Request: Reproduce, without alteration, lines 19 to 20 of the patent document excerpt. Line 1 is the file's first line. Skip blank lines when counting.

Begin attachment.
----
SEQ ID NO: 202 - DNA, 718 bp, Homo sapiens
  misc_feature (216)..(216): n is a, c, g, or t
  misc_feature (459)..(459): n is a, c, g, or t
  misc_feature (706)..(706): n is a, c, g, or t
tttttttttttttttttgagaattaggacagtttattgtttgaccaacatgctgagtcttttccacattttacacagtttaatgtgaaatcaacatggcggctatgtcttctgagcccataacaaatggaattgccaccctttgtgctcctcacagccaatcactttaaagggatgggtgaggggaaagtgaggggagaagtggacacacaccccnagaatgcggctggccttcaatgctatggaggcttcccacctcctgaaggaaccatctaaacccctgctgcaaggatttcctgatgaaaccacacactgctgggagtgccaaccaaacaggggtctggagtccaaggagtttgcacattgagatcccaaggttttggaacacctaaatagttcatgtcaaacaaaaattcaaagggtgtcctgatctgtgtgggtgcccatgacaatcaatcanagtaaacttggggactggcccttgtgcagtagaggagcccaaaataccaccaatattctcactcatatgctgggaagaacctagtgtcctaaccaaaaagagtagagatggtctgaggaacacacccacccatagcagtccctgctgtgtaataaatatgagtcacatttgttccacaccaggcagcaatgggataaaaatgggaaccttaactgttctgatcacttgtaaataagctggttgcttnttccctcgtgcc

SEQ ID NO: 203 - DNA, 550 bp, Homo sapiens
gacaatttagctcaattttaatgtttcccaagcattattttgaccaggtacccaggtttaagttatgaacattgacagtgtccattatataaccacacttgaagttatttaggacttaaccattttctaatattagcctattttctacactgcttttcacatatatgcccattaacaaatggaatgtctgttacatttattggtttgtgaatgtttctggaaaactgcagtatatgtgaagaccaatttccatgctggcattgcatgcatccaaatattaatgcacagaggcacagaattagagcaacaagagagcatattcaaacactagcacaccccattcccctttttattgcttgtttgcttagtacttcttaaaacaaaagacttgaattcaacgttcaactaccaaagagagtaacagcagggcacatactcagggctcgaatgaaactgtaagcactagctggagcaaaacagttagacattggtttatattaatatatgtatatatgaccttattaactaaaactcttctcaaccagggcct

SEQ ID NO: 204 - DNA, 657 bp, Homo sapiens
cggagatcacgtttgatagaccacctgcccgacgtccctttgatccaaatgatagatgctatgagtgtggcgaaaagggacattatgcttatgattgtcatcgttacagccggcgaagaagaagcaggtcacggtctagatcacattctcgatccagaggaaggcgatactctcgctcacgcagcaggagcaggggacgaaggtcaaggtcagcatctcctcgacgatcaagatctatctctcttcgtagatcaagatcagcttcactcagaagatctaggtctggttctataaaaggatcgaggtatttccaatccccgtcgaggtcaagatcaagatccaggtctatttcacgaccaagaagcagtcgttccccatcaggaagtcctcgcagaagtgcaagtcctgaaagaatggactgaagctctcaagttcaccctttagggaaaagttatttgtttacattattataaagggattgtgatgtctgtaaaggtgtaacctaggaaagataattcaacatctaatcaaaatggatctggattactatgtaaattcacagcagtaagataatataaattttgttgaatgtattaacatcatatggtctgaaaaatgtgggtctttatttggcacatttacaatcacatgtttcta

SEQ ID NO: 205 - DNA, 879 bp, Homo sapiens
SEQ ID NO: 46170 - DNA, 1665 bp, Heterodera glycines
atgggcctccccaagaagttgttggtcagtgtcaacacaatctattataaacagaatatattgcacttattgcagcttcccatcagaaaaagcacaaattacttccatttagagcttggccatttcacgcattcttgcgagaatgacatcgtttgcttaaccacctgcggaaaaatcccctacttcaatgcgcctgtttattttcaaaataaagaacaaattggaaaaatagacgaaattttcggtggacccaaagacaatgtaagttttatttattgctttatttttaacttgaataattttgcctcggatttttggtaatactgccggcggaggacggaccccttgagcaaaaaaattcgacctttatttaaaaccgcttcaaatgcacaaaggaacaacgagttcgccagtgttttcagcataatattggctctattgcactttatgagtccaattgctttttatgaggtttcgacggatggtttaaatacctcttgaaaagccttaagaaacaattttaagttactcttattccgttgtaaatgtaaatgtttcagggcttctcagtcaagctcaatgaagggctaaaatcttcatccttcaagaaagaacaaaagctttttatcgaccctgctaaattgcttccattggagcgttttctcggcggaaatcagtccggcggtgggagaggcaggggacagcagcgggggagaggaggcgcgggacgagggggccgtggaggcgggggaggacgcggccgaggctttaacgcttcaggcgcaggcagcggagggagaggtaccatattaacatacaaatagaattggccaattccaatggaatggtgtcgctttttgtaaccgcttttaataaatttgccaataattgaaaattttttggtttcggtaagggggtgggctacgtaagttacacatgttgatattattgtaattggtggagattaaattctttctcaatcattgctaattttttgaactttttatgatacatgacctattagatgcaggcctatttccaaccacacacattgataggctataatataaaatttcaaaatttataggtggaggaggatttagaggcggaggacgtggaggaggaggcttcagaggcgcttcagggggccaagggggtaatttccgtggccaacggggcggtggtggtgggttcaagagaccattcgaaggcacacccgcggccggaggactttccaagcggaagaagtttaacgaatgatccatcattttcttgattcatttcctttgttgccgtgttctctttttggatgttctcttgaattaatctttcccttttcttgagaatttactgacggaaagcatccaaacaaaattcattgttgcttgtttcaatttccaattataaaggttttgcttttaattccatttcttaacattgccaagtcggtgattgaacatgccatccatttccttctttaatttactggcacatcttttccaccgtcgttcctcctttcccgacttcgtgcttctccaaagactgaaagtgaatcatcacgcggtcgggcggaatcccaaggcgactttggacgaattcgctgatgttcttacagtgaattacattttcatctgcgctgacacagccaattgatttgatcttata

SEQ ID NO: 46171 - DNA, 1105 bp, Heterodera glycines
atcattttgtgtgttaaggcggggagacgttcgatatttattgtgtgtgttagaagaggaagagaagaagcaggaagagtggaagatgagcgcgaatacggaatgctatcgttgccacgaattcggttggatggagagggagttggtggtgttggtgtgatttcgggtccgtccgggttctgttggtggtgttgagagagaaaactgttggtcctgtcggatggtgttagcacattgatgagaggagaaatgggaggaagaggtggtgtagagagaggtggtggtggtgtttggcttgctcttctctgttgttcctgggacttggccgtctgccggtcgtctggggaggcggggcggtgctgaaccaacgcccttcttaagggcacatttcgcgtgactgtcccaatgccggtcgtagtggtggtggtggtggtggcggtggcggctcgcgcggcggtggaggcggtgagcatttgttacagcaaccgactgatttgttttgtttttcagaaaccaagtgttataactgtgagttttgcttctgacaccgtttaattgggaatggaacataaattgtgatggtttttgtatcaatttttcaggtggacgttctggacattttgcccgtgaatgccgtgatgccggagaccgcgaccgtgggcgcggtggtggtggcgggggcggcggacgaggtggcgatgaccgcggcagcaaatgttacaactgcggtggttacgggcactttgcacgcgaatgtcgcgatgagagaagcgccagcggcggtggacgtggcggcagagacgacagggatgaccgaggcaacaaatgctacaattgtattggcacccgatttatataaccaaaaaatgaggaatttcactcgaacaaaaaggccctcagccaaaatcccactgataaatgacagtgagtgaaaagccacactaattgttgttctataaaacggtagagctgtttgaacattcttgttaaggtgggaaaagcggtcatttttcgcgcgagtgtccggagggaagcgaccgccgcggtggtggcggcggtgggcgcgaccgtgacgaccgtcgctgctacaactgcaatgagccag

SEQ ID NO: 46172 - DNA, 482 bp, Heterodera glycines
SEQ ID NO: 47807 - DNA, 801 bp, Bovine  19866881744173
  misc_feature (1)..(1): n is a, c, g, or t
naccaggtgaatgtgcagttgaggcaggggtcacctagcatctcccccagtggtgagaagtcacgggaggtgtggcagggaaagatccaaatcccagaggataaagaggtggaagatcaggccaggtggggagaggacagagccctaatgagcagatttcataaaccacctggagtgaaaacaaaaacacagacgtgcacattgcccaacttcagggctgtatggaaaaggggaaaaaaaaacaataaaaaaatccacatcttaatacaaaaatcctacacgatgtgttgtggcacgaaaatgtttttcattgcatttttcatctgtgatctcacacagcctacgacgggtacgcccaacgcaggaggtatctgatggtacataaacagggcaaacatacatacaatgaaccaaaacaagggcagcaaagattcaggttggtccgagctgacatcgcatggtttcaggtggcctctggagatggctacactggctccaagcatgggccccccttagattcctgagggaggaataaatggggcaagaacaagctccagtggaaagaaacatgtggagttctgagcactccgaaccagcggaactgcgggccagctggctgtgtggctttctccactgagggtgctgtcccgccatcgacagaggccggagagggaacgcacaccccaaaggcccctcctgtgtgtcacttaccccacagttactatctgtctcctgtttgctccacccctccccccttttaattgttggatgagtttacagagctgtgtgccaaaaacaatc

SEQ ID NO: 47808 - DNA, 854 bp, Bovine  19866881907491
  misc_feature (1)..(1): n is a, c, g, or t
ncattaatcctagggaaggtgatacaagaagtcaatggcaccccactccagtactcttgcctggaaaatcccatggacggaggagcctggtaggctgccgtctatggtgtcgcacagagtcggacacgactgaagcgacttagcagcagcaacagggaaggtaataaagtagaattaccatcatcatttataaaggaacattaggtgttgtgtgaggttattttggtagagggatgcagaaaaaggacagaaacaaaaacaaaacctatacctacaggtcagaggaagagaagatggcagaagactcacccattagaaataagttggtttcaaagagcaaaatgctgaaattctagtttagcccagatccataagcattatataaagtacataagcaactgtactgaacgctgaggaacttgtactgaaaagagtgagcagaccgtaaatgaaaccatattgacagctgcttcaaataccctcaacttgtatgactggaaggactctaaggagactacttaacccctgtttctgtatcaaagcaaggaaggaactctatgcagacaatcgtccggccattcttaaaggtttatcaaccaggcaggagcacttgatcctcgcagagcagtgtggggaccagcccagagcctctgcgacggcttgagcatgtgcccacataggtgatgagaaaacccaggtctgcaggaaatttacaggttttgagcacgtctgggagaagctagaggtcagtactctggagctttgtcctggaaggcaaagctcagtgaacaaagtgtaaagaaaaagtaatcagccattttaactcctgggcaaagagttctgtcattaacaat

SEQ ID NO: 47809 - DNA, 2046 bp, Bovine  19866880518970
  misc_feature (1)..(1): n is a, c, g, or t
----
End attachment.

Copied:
SEQ ID NO: 47808 - DNA, 854 bp, Bovine  19866881907491
  misc_feature (1)..(1): n is a, c, g, or t